• O. Di Stefano, R. Stassi, L. Garziano, A. Frisk Kockum, S. Savasta, F. Nori
    • New Journal of Physics 19, 053010, (2017).
  7. One Photon Can Simultaneously Excite Two or More Atoms
    • L. Garziano, V. Macrì, R. Stassi, O. Di Stefano, F. Nori, S. Savasta
    • Physical Review Letters 117, 043601 (2016).
    • doi: 10.1103/PhysRevLett.117.043601
    • Featured in Physics - Editors' Suggestion
  8. Ultrastrong Coupling of Plasmons and Excitons in a Nanoshell
    • A. Cacciola, O. Di Stefano, R. Stassi, R. Saija, S. Savasta
    • ACS NANO 8,11,11483-11492, (2014).
  9. Spontaneous Conversion from Virtual to Real Photons in the Ultrastrong-Coupling Regime
    • R. Stassi,, A. Ridolfo, O. Di Stefano, M. J. Hartmann, S. Savasta
    • Physical Review Letters 110, 6, 243601 (2013).
  10. All Optical Switch of Vacuum Rabi Oscillations: The Ultrafast Quantum Eraser
    • A. Ridolfo, R. Vilardi, O. Di Stefano, S. Portolan, S. Savasta
    • Physical Review Letters 106, 013601 (2011)
    • doi: 10.1103/PhysRevLett.106.013601
  11. Quantum plasmonics with quantum dot-metal nanoparticle molecules: Influence of the Fano effect on photon statistics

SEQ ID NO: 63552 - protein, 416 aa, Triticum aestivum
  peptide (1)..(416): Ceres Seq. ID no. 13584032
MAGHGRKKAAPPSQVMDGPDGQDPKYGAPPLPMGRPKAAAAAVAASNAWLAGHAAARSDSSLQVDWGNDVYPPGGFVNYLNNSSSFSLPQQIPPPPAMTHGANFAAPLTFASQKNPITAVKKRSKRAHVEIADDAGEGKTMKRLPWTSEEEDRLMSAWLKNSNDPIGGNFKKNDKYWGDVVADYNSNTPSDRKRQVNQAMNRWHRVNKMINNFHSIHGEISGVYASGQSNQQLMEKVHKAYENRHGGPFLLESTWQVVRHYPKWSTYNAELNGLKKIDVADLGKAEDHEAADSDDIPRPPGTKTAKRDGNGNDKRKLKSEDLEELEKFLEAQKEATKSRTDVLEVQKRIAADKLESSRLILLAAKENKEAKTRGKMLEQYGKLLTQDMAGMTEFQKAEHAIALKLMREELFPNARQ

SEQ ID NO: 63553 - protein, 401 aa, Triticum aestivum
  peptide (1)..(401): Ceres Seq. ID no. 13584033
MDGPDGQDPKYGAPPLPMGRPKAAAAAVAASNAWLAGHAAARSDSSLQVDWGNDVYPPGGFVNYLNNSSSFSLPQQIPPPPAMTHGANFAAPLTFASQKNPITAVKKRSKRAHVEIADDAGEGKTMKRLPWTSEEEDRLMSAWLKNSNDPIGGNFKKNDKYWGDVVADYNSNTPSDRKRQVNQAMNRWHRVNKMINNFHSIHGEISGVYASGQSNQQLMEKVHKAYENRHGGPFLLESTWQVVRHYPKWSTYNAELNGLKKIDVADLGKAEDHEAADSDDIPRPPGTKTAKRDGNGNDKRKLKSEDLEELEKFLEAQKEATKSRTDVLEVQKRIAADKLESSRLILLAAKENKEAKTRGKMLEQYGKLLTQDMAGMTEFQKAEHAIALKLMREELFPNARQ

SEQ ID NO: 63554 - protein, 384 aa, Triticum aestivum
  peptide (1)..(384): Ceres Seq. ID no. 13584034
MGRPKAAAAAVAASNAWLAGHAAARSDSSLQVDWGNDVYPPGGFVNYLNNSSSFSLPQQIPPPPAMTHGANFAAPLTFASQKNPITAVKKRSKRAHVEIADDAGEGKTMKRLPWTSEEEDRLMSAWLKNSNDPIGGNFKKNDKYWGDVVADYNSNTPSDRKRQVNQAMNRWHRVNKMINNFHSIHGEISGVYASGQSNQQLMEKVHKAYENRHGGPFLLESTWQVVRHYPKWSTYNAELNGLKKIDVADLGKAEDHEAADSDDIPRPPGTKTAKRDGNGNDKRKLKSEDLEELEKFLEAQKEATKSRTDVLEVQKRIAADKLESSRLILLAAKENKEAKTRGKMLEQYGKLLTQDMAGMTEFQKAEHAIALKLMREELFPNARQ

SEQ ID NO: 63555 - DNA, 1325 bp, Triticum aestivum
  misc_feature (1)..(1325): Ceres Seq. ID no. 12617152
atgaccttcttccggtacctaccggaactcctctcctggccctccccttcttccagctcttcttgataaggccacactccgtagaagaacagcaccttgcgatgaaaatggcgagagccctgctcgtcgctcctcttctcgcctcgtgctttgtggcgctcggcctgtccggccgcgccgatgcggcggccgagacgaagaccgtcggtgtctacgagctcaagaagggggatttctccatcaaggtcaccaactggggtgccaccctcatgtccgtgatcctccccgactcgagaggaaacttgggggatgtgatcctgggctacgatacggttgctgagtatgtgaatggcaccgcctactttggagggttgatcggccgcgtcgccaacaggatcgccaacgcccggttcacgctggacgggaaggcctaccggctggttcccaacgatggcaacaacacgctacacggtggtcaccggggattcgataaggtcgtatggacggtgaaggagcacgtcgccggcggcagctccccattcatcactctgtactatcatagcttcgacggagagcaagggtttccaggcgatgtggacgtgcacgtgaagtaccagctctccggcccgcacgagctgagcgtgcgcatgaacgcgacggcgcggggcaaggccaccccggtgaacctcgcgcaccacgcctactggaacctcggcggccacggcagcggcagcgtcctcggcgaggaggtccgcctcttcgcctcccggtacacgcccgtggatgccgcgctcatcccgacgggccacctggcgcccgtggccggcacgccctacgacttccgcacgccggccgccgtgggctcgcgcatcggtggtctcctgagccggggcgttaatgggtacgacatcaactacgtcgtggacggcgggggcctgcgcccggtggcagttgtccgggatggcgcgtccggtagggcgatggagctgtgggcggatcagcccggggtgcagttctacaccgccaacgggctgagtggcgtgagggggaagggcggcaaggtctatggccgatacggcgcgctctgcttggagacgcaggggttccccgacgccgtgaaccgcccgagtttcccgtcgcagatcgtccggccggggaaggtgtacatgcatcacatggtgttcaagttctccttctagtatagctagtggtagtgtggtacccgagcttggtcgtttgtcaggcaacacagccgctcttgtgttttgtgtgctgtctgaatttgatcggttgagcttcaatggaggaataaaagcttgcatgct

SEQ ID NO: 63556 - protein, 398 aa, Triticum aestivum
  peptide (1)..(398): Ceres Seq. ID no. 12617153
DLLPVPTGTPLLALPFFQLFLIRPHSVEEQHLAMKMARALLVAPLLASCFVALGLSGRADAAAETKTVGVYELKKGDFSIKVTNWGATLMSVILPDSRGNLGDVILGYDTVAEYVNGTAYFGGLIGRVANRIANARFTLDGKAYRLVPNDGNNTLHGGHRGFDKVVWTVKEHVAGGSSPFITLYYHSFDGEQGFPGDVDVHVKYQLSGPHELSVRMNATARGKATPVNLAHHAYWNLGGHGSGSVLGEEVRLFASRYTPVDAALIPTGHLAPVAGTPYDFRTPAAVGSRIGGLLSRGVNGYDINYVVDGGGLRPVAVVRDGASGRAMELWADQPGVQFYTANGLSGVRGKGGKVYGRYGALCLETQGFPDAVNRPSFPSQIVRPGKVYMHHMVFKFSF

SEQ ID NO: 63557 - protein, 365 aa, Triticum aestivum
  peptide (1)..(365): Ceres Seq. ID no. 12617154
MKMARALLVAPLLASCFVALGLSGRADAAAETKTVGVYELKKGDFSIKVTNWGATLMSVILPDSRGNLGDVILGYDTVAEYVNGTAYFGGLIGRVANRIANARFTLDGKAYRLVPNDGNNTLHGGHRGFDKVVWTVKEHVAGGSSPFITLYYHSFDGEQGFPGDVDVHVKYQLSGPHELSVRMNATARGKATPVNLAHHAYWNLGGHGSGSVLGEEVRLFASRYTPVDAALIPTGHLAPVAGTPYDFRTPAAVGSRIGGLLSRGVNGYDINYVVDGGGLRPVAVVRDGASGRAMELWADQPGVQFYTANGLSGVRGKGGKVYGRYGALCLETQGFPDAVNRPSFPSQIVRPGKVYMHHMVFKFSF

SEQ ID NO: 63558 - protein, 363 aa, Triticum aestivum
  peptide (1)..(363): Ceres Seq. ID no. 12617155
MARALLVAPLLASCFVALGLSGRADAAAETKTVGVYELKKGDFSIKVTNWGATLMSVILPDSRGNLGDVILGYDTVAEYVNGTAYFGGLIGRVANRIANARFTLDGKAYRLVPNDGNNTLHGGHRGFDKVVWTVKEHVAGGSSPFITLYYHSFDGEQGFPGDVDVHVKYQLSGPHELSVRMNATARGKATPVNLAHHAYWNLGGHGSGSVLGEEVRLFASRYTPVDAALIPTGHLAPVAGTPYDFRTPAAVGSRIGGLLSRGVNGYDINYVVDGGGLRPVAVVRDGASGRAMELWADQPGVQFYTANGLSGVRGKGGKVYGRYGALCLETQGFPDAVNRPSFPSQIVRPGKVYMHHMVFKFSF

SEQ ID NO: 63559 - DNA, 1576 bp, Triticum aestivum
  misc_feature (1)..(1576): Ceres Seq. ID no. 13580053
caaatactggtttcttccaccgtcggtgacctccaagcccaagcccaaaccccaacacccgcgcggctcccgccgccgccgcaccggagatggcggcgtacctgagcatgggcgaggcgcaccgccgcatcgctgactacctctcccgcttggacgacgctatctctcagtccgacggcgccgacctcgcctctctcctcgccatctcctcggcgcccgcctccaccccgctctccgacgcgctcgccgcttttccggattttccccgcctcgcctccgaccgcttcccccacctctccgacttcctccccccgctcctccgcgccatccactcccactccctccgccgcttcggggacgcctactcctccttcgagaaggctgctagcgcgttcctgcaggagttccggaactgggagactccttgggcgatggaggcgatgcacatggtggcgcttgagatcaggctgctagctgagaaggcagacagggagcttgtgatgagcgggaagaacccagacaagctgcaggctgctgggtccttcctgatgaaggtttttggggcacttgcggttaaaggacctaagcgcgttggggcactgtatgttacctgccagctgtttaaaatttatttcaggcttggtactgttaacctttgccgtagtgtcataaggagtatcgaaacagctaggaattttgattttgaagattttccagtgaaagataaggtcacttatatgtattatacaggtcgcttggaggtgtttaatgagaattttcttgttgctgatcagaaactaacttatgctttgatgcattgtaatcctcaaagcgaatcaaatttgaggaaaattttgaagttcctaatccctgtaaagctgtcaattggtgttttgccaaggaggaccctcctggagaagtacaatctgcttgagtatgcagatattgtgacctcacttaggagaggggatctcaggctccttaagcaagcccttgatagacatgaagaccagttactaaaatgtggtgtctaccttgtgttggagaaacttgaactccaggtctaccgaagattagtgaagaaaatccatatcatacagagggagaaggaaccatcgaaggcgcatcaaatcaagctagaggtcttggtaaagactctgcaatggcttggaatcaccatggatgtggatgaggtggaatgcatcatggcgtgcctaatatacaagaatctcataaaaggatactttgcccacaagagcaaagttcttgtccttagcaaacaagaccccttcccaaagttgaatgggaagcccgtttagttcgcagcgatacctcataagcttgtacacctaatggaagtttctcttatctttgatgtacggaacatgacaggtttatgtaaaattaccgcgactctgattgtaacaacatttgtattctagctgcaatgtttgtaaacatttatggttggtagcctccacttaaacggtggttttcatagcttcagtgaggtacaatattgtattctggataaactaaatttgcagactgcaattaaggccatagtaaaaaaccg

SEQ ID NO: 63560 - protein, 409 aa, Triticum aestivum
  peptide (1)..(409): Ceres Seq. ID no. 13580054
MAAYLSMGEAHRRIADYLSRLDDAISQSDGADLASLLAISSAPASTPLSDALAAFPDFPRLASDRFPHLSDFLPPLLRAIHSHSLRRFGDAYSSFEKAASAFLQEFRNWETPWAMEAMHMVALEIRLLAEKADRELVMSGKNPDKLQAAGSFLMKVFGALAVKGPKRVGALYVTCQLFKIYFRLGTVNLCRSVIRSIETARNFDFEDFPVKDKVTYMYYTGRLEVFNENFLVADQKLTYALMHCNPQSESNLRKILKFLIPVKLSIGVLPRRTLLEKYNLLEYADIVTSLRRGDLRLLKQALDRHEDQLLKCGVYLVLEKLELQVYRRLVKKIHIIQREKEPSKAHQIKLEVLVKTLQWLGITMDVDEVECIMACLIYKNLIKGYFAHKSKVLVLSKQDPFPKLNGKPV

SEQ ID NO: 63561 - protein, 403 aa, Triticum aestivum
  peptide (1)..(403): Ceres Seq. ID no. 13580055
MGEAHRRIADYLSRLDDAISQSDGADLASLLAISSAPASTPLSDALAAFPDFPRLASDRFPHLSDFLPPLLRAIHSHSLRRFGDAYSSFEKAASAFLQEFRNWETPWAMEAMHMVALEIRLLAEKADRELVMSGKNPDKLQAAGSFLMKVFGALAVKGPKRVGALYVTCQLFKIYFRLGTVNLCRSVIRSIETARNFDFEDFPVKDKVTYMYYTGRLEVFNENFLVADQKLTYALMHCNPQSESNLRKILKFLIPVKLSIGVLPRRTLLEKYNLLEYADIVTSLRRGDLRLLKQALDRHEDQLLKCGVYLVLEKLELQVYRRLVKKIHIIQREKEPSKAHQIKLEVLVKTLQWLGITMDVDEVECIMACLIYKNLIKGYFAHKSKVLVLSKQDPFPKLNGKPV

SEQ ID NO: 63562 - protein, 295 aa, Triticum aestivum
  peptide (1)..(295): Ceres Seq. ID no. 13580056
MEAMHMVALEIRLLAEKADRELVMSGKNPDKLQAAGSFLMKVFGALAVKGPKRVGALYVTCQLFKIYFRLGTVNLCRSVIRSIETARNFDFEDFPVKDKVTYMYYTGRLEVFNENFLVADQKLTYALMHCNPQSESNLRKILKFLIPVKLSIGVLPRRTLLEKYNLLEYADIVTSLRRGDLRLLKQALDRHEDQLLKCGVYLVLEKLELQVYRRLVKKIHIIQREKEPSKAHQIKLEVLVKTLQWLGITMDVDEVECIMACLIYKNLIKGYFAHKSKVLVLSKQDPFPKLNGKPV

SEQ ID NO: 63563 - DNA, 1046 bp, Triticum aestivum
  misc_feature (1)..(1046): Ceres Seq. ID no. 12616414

• A. Ridolfo, O. Di Stefano. N. Fina, R. Saija, S. Savasta
    • Physical Review Letters 105 (26), 263601 (2010).
  12. Nanopolaritons: Vacuum Rabi Splitting with a Single Quantum Dot in the Center of a Dimer Nanoantenna
    • S. Savasta, R. Saija, A. Ridolfo, O. Di Stefano, P. Denti F. Borghese
    • ACS Nano 4(11) pp 6369–6376 (2010)
  13. Quantum complementarity of microcavity polaritons
    • S. Savasta, O. Di Stefano, V, Savona, W. Langbein
    • Physical Review Letters 94, 246401 (2005).
  14. Many-body and correlation effects on parametric polariton amplification in semiconductor microcavities
    • S. Savasta, O. Di Stefano, R. Girlanda
    • Physical Review Letters 90, 096403 (2003)